Even though industrial agriculture has proven that it can “buy” food policy on the federal level, by spending $572 million on lobbying and campaign contributions from 1999-2010, it is facing its largest threat yet – the upcoming California ballot initiative to label GMOs.

Because California citizens will be voting on this measure and California citizens cannot be “bought” via lobbyists, industrial agriculture will be pulling out all the stops to damage the organic brand.

By discrediting organic, it is creating doubt and confusion in the minds of those people who do not fully understand why they should be eating organic and avoiding genetically-modified food.

It is also creating doubt and confusion in the minds of California voters, who will associate GMO-labeling with organic.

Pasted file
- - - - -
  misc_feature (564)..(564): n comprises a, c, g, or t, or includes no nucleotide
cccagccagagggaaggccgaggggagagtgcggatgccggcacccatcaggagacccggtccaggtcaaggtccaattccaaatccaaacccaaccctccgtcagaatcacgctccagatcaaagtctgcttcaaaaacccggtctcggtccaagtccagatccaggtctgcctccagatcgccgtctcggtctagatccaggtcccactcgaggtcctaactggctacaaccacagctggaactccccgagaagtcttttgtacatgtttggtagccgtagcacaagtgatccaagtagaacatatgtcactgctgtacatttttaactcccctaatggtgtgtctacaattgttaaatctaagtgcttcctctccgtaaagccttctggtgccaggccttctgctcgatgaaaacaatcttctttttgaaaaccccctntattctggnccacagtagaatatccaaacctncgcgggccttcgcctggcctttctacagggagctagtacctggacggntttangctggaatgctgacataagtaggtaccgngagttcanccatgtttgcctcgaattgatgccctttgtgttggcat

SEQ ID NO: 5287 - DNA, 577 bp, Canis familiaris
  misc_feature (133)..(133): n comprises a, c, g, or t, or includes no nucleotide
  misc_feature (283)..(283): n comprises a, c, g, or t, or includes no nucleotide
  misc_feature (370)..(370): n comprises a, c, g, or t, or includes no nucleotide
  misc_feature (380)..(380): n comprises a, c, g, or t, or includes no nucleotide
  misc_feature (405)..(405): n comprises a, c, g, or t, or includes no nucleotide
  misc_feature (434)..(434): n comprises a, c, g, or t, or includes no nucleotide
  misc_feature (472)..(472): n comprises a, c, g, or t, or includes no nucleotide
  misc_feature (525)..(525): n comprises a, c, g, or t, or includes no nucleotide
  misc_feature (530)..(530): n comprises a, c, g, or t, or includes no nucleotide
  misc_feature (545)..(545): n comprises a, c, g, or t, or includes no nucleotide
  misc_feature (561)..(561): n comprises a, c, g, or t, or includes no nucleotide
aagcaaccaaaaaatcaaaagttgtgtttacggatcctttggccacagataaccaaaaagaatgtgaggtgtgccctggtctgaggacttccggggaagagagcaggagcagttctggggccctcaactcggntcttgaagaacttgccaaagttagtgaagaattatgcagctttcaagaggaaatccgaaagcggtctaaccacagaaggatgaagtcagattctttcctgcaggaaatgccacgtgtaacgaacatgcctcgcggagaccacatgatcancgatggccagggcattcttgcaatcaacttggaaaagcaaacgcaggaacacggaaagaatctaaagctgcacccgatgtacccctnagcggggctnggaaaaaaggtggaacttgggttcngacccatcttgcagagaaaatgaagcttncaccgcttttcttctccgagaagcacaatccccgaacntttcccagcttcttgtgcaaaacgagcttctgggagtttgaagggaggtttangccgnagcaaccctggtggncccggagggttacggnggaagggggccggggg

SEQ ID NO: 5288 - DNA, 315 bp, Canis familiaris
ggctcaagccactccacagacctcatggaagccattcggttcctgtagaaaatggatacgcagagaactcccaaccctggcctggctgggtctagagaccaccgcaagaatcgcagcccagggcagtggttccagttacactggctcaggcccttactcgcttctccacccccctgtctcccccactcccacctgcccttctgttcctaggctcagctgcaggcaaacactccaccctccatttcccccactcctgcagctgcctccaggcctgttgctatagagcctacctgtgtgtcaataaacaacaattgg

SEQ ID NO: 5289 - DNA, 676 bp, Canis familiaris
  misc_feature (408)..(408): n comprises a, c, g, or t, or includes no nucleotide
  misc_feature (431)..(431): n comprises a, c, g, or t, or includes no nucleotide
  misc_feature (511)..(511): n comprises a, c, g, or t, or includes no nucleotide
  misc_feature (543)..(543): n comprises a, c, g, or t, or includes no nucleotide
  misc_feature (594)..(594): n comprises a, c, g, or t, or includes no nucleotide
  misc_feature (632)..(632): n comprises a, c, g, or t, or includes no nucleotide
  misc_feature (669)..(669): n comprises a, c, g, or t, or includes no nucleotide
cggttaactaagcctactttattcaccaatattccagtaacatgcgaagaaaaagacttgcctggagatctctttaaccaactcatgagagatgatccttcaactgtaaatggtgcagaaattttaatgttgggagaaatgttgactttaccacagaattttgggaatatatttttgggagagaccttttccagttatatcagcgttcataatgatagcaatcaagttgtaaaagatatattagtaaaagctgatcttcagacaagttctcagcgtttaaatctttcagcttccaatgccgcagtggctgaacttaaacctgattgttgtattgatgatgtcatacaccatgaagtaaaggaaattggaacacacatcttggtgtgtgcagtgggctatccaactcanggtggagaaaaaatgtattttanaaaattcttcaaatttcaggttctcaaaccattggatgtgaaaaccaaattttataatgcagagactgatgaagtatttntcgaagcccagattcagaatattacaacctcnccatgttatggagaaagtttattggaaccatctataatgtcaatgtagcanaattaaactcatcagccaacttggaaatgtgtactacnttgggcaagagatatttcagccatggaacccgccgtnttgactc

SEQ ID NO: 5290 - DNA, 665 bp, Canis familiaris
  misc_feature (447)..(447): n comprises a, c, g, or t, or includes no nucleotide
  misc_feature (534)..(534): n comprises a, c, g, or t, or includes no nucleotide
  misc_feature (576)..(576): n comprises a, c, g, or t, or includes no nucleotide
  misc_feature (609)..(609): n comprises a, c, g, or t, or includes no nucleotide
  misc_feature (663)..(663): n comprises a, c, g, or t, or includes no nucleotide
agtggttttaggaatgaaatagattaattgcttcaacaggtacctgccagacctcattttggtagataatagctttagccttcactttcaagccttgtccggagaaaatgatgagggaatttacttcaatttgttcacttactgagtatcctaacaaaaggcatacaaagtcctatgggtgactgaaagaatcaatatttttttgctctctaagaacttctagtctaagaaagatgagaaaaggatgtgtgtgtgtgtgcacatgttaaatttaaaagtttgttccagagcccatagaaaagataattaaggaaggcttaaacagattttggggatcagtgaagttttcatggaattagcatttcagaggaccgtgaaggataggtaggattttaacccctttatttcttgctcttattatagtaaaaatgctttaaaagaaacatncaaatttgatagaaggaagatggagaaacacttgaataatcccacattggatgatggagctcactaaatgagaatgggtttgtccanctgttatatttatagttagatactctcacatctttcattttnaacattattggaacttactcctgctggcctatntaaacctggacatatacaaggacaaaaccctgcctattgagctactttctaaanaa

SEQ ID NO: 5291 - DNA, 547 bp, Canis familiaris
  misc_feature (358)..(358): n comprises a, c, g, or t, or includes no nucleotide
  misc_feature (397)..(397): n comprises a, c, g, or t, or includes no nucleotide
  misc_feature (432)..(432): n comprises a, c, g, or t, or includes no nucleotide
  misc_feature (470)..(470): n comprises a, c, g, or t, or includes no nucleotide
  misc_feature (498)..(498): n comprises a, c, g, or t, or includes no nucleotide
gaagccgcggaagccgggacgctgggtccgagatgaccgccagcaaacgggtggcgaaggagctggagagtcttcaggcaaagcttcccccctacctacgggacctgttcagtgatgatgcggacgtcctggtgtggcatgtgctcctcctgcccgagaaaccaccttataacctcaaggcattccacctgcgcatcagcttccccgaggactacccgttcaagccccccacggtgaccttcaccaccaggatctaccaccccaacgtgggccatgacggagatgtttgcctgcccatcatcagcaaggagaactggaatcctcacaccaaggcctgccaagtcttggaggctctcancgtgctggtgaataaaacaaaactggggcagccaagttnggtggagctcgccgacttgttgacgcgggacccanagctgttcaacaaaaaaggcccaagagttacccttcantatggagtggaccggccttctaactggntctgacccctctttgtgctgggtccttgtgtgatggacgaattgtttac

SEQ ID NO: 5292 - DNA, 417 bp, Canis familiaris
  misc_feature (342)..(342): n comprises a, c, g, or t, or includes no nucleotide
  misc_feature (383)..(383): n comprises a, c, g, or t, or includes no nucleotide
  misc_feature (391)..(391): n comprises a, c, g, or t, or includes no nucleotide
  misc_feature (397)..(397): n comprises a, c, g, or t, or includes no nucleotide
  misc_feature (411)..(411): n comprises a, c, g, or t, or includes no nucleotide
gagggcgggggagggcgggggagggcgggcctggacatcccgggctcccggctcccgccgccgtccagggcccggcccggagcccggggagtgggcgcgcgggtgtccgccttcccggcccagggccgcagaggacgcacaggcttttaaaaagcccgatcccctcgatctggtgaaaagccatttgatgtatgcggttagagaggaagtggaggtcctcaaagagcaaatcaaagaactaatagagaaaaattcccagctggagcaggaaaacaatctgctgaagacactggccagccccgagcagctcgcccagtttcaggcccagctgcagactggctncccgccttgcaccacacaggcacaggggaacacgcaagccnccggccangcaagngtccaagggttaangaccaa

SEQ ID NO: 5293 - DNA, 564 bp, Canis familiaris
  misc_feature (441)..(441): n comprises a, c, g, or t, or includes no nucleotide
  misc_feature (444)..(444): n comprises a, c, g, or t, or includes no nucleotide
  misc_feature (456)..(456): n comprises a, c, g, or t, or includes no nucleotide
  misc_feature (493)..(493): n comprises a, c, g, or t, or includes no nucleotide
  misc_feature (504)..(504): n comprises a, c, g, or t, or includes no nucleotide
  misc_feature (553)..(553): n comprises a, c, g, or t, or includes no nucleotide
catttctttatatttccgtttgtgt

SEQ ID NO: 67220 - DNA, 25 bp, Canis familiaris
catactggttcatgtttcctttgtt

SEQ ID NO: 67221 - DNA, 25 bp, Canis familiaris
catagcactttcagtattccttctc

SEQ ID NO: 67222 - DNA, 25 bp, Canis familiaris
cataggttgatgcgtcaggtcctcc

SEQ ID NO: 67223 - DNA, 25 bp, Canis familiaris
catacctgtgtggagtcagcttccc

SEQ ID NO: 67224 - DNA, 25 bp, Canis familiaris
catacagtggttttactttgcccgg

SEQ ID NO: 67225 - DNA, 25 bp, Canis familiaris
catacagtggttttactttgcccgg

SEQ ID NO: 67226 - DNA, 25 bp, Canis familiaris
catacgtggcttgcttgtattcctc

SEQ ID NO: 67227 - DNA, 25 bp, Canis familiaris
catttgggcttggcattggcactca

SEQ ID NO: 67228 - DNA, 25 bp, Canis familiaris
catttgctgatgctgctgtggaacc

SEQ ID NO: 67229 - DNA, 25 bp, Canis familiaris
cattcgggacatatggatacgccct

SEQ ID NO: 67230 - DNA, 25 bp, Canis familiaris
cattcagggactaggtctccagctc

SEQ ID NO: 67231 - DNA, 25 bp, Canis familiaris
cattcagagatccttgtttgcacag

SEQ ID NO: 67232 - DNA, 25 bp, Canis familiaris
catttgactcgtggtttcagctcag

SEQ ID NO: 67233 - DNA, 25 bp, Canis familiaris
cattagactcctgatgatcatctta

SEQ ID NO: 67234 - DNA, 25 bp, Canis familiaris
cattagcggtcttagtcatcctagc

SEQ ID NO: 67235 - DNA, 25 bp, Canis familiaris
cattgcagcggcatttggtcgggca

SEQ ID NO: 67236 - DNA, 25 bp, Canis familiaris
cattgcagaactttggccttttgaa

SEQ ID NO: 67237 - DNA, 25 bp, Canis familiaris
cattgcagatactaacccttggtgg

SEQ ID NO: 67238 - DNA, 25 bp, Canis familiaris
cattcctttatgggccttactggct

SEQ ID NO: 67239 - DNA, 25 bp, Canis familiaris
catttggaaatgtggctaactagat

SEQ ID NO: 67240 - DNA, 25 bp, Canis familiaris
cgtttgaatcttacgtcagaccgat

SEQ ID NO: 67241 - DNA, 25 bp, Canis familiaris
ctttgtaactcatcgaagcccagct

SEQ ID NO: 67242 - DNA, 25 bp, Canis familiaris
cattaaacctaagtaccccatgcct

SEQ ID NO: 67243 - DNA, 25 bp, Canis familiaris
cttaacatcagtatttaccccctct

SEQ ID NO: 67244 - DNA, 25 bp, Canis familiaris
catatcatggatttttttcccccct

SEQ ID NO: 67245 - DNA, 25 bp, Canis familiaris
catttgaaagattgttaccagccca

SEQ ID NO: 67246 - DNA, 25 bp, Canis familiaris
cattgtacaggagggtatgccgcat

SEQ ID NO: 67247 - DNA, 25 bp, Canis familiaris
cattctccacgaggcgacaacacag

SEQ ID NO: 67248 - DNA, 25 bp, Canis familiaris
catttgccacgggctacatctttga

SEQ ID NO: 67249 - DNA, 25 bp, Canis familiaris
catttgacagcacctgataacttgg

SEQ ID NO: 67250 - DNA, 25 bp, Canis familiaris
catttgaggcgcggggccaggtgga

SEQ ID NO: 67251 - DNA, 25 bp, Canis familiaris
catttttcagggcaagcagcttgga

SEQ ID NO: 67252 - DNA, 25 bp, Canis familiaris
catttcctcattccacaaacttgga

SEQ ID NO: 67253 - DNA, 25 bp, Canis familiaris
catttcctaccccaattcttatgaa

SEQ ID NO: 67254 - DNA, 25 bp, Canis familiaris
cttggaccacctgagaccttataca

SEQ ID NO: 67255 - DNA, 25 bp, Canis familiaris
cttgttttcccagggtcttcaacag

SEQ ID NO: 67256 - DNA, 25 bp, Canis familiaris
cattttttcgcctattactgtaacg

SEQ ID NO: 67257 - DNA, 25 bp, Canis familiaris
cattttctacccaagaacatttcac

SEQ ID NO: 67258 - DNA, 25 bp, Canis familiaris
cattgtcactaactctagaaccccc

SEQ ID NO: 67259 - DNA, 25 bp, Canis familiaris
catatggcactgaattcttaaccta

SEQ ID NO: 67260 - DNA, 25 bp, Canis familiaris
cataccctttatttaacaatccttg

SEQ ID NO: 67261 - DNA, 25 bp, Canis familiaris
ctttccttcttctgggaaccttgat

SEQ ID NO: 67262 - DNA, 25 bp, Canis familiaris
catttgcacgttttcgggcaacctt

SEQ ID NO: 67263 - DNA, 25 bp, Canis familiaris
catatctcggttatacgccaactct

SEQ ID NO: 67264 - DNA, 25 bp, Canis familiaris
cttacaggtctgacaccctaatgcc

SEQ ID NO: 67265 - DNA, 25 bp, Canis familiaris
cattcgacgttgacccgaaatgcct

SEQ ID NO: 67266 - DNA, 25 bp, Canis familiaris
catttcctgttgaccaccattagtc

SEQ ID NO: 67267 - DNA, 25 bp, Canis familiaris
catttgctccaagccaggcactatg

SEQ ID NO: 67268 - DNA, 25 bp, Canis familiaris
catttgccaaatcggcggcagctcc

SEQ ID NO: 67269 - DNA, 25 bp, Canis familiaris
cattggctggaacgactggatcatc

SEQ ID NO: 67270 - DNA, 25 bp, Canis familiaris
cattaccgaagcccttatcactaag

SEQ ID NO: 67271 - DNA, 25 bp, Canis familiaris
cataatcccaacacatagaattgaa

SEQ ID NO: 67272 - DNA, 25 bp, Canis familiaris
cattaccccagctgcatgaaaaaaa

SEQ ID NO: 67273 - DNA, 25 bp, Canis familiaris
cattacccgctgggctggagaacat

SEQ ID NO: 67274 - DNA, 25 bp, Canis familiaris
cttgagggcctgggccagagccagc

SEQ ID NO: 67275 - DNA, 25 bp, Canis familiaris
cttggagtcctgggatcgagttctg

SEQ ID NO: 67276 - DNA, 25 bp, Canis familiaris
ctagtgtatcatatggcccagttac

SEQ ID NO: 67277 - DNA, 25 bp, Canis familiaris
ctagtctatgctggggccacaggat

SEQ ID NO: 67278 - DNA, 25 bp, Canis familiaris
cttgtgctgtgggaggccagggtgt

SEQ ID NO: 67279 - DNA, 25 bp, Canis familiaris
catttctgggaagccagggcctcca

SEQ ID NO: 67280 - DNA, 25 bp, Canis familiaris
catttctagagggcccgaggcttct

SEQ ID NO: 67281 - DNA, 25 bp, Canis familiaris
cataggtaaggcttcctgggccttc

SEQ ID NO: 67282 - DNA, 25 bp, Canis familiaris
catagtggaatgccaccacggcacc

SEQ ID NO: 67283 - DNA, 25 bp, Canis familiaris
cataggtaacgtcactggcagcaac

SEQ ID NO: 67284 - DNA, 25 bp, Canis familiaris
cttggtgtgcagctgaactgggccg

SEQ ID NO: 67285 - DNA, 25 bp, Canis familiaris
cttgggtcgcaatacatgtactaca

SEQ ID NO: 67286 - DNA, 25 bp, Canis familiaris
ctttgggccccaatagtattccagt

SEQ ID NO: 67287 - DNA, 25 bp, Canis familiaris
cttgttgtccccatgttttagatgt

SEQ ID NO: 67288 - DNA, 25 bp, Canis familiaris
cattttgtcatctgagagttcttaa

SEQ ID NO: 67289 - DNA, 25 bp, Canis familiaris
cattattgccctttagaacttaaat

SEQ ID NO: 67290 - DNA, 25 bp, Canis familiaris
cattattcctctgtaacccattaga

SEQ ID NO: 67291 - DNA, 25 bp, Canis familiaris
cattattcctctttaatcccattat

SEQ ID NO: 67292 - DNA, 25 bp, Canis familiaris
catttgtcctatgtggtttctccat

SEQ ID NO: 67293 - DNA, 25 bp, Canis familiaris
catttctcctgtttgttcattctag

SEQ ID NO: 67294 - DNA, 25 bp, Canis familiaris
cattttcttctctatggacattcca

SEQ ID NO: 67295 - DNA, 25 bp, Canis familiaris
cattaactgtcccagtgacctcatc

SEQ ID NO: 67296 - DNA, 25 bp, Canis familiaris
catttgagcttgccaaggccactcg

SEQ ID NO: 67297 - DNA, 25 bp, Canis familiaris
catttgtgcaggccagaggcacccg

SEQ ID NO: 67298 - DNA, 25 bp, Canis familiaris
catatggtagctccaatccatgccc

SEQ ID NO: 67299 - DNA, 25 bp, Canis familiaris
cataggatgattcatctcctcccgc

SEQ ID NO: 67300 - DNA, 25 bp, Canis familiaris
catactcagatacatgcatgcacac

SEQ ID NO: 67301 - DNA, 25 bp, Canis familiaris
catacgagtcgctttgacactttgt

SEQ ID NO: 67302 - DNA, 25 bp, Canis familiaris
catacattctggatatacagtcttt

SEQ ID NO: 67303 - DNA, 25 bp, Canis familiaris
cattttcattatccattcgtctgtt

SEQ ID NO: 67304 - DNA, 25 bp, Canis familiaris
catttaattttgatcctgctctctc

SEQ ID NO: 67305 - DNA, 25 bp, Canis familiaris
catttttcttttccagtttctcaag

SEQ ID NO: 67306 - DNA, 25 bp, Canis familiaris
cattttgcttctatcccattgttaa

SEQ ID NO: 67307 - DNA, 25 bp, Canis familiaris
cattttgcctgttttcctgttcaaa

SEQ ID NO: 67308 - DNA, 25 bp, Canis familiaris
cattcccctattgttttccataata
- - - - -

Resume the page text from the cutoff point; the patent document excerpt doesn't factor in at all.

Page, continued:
Is it any coincidence that this research report came out of Stanford, a world-class institution which just happens to be based in California?

Is it any coincidence that this research report has come out just a few months before the GMO-labeling ballot initiative takes place in November?

For me, the answer is a resounding “no” to both of these questions.

Any educated consumer who understands the true value of organic knows that this Stanford report has zero merit.

However, the problem is that there are far too many people out there who don’t know the truth about organic and are ripe to be influenced by misleading propaganda. As such, they are susceptible to making dietary and voting choices that will be detrimental to their own health and that of future generations.